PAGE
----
University of Alberta researchers have found the Ebola polymerase (enzyme), which may lead to more effective research and better treatments for the often fatal infection, and other related viral diseases.

UC Davis researchers find new way to defeat HIV latency

Wed, 07 Mar 18 00:09:10 -0800

Researchers at UC Davis Health, together with colleagues at UC San Francisco and the University of North Carolina at Chapel Hill, have found a mechanism for making HIV come out of hiding and become susceptible to anti-HIV drugs. Their study is published in The Journal of Clinical Investigation.

New test extends window for accurate detection of zika

Tue, 06 Mar 18 00:00:10 -0800

Diagnosis of Zika infection is complex. Molecular tests for exposure are only reliable in the first two to three weeks after infection. Antibody tests are confounded by cross-reactivity of antibodies to Zika with similar viruses like dengue and yellow fever. A new blood test called ZIKV-NS2B-concat ELISA is faster, less expensive, and extends the window of accurate detection to months after onset of infection, giving clinicians a powerful tool to screen for Zika throughout pregnancy.

University of Guelph researchers reveal new way to potentially fight Ebola

Tue, 06 Mar 18 00:12:20 -0800

University of Guelph researchers have shown an innovative antibody delivery method could be an effective way to prevent and treat Ebola infection. They proved that delivering a monoclonal antibody gene to a cell through a viral vector -- a process that bypasses the need for the host to generate a natural immune response -- provided up to 100-per-cent protection against infection in mice. The mice expressed the antibody for more than 300 days.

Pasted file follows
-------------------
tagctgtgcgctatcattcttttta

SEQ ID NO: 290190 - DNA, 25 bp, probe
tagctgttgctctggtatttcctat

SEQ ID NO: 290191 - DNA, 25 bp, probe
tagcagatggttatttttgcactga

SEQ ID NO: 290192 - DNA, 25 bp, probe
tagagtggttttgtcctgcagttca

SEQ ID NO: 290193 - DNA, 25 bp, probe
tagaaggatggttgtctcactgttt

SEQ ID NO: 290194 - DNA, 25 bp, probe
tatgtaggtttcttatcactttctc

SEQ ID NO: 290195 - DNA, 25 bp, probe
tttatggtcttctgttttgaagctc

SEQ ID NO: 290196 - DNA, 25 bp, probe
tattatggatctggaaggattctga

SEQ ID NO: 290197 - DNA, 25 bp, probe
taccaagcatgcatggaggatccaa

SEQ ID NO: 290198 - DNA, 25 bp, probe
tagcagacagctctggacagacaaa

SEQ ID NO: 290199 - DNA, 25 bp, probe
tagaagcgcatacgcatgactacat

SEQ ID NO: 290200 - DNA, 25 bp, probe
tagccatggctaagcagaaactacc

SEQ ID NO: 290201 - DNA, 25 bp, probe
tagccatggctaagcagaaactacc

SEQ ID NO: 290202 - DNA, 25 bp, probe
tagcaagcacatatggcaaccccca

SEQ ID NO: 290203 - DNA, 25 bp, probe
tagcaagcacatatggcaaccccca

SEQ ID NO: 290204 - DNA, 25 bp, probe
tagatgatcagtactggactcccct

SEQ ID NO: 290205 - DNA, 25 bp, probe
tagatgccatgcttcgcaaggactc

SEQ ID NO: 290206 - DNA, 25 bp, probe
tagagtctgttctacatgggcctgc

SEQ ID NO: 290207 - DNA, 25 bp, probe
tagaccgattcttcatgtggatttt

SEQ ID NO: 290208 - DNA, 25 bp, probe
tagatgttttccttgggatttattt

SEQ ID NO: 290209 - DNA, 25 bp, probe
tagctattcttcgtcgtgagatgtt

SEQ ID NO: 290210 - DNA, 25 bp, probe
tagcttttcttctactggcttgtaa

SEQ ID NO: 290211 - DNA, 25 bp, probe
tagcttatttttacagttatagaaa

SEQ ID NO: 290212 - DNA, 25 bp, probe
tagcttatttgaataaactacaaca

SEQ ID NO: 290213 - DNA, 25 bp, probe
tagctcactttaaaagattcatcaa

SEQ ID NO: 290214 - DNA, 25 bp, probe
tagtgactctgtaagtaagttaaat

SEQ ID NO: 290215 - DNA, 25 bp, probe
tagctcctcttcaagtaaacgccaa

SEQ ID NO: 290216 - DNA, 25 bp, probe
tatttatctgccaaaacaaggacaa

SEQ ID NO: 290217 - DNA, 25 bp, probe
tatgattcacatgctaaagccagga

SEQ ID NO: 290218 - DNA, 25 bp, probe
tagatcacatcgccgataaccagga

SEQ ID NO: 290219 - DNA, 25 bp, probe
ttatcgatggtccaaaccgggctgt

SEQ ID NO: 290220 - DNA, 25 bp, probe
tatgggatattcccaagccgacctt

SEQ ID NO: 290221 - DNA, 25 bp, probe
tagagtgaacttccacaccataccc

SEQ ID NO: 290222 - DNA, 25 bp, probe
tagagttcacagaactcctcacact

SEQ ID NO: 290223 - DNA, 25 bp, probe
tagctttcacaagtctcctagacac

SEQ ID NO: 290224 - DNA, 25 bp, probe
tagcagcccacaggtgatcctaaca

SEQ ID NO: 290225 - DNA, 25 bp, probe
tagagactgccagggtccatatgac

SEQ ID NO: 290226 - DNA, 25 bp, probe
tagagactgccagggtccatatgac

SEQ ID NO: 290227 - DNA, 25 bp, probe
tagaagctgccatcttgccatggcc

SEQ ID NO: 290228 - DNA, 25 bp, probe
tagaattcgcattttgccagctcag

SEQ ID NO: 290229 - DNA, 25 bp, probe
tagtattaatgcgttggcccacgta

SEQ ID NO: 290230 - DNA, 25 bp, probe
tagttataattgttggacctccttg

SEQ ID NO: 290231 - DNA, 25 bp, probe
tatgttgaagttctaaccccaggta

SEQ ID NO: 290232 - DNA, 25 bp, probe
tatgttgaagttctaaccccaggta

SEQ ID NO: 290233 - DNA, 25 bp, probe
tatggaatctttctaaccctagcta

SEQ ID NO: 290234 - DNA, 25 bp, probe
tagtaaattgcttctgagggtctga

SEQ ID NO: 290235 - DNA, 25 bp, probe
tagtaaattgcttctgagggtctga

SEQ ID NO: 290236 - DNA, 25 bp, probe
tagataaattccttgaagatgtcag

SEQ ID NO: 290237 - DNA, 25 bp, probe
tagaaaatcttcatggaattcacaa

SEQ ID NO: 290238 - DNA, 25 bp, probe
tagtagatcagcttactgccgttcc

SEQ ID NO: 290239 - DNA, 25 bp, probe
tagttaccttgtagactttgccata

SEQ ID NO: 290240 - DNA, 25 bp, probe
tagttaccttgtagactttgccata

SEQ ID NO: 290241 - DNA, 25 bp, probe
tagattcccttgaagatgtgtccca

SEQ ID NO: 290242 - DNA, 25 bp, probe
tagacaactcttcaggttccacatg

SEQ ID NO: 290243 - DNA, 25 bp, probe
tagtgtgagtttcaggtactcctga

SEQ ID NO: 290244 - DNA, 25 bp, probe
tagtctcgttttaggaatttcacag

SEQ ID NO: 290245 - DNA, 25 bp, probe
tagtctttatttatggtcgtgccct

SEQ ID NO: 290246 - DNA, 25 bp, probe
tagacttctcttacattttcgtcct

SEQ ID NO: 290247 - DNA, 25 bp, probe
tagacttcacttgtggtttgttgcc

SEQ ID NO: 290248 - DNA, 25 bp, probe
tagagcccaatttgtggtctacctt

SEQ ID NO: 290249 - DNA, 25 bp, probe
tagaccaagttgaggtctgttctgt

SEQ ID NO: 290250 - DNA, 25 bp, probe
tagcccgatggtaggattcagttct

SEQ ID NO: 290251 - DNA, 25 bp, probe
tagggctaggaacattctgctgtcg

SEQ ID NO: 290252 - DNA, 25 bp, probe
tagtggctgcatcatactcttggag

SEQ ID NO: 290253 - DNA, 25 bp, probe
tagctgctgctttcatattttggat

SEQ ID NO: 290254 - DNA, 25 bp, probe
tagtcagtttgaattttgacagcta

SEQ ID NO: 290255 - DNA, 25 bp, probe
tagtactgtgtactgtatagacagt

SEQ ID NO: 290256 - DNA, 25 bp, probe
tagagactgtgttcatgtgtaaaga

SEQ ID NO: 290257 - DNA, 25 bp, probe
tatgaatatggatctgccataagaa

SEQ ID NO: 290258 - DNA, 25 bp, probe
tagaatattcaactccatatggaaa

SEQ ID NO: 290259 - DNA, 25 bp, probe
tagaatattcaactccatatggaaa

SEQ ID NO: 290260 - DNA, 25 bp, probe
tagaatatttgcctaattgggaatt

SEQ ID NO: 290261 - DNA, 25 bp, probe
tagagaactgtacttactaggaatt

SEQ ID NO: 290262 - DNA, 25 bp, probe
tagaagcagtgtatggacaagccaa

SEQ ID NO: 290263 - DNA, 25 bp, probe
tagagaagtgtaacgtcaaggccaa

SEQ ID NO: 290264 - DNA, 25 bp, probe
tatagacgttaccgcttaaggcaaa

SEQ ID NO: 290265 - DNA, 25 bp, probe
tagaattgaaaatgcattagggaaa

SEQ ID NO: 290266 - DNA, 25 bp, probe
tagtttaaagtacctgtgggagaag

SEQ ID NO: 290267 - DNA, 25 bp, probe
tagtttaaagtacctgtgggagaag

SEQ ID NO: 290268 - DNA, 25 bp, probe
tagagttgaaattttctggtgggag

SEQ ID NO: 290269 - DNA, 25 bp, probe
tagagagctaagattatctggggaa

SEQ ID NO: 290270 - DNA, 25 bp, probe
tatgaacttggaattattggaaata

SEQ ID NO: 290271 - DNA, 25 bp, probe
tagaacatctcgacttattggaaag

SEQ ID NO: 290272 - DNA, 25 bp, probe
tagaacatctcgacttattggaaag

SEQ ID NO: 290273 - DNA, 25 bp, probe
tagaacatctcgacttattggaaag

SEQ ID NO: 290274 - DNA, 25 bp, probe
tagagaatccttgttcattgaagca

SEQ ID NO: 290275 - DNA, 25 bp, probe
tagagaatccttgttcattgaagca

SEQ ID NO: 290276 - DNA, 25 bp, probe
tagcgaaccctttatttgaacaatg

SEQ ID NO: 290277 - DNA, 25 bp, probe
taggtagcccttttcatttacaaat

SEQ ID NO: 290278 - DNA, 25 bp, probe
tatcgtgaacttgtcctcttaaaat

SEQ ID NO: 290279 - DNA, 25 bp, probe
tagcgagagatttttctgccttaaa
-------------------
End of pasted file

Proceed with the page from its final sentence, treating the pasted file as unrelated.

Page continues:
Broad spectrum antiviral drug inhibits a range of emerging coronaviruses

Tue, 06 Mar 18 00:14:40 -0800

Researchers have long known that RNA viruses called coronaviruses cause the common cold and pneumonia. In the last two decades or so, though, researchers have found that these viruses can jump between animal and human hosts. In recent years, coronaviruses have caused lethal outbreaks of severe acute respiratory syndrome (SARS) and Middle East respiratory syndrome (MERS) that span multiple continents. To date, no retroviral drug has been approved to treat these infections.

Mosquito gut may hold the key to preventing Dengue and Zika

Tue, 06 Mar 18 00:14:50 -0800

A mosquito's ability to replicate and transmit a virus depends on the metabolic environment of tissues in its midgut: the primary site of infection. By targeting the sphingolipid pathway, which links together several pathways important for cell signaling and subcellular structure that are altered by virus infection, researchers could devise strategies that stall viral replication in the mosquito and prevent its transmission to humans.

Linking virus sensing with gene expression, a plant immune system course-corrects

Tue, 06 Mar 18 00:00:20 -0800

Researchers at Durham University in the UK have identified a crucial link in the process of how plants regulate their antiviral responses. The research is published in the March 2 issue of the Journal of Biological Chemistry.

Social status influences infection risk and disease-induced mortality

Tue, 06 Mar 18 00:02:30 -0800

Spotted hyena cubs of high-ranking mothers have a lower probability of infection with and are more likely to die from canine distemper virus than cubs of low-ranking mothers. In subadults and adults, the picture is reversed -- high-ranking females exhibit a higher infection probability than low-ranking females whereas mortality was similar for both groups. These are the results of a long-term study conducted by scientists at the German Leibniz Institute for Zoo and Wildlife Research.

Why the latest shingles vaccine is more than 90 percent effective

Tue, 06 Mar 18 00:07:10 -0800

A new study has shown how the body's immune system responds to the new shingles vaccine, Shingrix, making it more than 90 percent effective at protecting against the virus.